The Keto Diet: A Low-carb Approach To Fat Loss
Along with the Atkins diet and the South Beach diet, individuals who are interested in low carbohydrate approaches to dieting will likely want to look into the Keto Diet. Popular among many who are trying to maintain blood sugar levels and lose body fat, the main premise of this diet is, 'eat fat to lose fat'. So How Does It Work? The idea of the ketone diet is to get your body into a process called Ketosis where you stop burning carbohydrates as fuel and instead turn to the burning of what are known as ketones. This will occur when you bring your carbohydrate levels to around 50 grams per day or lower. Many keto activists advise that number to be 30 grams of carbohydrates but most individuals can still maintain ketosis while consuming the 50 grams and this allows for a little more leeway in the diet since you can increase the consumption of vegetables and a variety of flavoring's that contain a few grams of carbohydrates. TKD Or CKD Usually people who are involved with exercise will follow either a TKD (targeted keto diet) or a CKD (cyclical keto diet). TKD A TKD is one where you will eat carbohydrates right before and right after your workouts. This is the best bet for those who are involved in more intense activities and require some carbohydrates to fuel them and who are not as interested in doing carb loads and depletion workouts. CKD A CKD on the other hand is a diet where you will eat a minimum amount of carbohydrates per day (that 30-50 gram number) and then on the weekend (or at a time that is appropriate for you) do a large 'carb-up' phase where you will eat a large amount of carbohydrates in an effort to refill your muscle glycogen stores so you can continue to workout the coming week. Normally right before the carb-up phase you will do a depletion workout wh Continue reading >>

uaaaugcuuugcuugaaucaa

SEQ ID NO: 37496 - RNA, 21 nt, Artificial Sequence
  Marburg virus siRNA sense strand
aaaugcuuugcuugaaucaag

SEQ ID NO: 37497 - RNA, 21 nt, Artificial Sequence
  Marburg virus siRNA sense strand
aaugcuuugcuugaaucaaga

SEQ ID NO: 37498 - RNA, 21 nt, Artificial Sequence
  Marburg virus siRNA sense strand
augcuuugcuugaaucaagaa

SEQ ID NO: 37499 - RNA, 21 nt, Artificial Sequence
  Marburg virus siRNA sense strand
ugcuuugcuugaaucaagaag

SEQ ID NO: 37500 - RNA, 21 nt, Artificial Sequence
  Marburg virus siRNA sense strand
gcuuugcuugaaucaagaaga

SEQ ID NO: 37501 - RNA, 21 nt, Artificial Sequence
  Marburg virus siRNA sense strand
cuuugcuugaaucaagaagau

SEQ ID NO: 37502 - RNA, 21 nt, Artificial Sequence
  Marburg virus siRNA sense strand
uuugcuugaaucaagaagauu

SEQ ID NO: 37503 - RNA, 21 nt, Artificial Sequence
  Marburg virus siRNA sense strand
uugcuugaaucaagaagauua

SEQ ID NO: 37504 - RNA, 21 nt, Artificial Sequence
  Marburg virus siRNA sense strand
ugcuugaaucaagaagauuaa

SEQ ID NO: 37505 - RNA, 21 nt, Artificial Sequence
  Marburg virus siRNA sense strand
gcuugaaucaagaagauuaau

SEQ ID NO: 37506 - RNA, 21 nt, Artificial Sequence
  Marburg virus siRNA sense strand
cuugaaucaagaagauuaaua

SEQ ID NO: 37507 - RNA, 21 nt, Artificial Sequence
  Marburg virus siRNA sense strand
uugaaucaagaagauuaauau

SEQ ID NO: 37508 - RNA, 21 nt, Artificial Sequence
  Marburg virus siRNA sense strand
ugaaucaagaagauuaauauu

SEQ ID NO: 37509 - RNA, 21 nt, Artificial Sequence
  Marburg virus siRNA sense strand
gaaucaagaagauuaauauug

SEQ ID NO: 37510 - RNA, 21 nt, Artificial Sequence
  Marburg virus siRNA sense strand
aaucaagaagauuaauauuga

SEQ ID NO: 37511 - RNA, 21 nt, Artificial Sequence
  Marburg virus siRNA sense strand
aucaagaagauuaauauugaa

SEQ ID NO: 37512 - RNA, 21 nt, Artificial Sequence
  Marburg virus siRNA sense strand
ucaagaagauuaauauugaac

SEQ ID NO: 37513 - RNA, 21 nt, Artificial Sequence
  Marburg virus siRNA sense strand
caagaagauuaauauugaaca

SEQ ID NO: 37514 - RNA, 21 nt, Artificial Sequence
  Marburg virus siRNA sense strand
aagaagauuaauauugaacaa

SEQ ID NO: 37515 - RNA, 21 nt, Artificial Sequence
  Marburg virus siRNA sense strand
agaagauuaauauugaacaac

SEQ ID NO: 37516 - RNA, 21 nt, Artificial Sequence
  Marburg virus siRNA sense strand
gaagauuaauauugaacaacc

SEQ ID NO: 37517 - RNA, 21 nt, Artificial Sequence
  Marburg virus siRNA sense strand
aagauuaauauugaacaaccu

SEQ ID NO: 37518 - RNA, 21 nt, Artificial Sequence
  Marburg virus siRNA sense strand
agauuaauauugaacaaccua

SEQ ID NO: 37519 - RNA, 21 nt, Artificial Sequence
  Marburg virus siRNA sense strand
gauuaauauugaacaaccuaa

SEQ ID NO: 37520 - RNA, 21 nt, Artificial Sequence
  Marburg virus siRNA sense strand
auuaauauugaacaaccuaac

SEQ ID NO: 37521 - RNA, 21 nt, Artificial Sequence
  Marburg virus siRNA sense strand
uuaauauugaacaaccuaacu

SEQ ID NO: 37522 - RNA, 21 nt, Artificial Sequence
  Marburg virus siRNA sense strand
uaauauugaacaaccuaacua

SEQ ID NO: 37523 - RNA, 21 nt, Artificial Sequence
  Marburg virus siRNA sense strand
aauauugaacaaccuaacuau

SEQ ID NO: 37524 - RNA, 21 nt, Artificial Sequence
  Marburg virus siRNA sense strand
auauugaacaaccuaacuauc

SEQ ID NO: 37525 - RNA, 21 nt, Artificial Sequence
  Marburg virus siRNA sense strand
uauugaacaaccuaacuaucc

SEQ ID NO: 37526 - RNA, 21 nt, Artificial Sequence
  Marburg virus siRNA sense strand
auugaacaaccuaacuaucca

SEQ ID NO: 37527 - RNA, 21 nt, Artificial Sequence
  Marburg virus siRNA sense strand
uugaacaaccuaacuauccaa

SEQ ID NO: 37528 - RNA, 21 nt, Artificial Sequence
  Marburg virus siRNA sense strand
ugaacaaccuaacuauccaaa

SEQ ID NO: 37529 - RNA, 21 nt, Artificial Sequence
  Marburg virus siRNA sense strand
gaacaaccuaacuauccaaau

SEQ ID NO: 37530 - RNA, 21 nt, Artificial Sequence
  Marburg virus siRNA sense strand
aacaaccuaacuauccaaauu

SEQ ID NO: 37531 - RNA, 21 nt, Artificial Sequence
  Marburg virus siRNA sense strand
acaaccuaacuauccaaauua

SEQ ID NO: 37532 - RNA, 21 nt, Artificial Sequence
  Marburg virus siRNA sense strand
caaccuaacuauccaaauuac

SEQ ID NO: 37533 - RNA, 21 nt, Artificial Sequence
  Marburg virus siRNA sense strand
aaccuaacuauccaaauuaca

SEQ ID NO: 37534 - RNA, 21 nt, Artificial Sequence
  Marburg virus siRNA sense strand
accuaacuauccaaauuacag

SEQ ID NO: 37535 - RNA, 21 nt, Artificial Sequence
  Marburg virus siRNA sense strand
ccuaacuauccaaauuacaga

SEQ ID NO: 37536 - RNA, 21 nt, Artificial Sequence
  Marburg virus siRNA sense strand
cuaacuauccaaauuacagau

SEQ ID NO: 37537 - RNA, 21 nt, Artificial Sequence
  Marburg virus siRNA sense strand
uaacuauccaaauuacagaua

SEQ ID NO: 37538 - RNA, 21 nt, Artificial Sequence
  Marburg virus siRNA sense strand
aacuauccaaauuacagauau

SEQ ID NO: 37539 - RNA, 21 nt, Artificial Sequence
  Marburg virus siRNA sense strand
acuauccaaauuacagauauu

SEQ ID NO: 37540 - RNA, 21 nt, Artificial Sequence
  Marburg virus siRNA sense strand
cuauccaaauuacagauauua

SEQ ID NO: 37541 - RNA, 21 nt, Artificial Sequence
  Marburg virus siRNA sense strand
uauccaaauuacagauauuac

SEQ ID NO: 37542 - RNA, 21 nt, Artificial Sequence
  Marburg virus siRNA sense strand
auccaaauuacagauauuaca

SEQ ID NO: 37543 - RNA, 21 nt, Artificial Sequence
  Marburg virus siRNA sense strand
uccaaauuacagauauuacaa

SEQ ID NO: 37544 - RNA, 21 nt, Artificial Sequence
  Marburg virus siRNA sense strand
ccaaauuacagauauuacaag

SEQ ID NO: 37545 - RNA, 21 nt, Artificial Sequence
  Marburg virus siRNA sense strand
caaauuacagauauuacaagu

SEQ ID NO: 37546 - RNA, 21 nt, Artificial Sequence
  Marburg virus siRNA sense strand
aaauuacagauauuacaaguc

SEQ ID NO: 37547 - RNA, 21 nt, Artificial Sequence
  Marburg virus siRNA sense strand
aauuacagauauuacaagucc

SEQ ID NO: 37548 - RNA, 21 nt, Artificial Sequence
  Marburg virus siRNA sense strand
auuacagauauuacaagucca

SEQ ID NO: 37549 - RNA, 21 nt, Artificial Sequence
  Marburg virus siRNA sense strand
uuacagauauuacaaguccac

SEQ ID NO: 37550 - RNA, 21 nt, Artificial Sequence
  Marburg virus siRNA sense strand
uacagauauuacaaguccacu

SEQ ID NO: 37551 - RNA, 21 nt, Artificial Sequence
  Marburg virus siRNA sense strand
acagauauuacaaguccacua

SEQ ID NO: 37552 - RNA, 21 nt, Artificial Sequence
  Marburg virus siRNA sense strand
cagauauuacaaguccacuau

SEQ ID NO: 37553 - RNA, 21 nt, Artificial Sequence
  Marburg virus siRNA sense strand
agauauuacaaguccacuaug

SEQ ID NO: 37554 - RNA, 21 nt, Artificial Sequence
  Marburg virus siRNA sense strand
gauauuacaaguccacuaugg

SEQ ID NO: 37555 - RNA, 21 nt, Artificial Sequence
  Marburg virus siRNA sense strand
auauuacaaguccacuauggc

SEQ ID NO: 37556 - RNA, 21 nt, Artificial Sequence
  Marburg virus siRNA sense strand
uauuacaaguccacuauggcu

How Many Carbs Should You Eat Per Day To Lose Weight?
Republished with permission from our friends at Authority Nutrition. Original article here. Sign up for updates to receive one week FREE of my low carb and gluten free meal plans: Check out some of my other favorite low carb keto resources: Reducing the amount of carbohydrates in your diet is one of the best ways to lose weight. It tends to reduce your appetite and cause “automatic” weight loss, without the need for calorie counting or portion control. This means that you can eat until fullness, feel satisfied and still lose weight. Why Would You Want to do Low-Carb? For the past few decades, the health authorities have recommended that we eat a calorie restricted, low-fat diet. The problem is that this diet doesn’t really work. Even when people manage to stick to it, they don’t see very good results (1, 2, 3). An alternative that has been available for a long time is the low-carb diet. This diet restricts your intake of carbohydrates like sugars and starches (breads, pasta, etc.) and replaces them with protein and fat. Studies show that low-carb diets reduce your appetite and make you eat less calories and lose weight pretty much effortlessly, as long as you manage to keep the carbs down (4). In studies where low-carb and low-fat diets are compared, the researchers need toactively restrict calories in the low-fat groups to make the results comparable, but the low-carb groups still usually win (5, 6). Low-carb diets also have benefits that go way beyond just weight loss. They lower blood sugar, blood pressure and triglycerides. They raise HDL (the good) and improve the pattern of LDL (the bad) cholesterol (7, 8, 9, 10). Low-carb diets cause more weight loss and improve health much more than the calorie restricted, low-fat diet still recommended by the mainstream Continue reading >>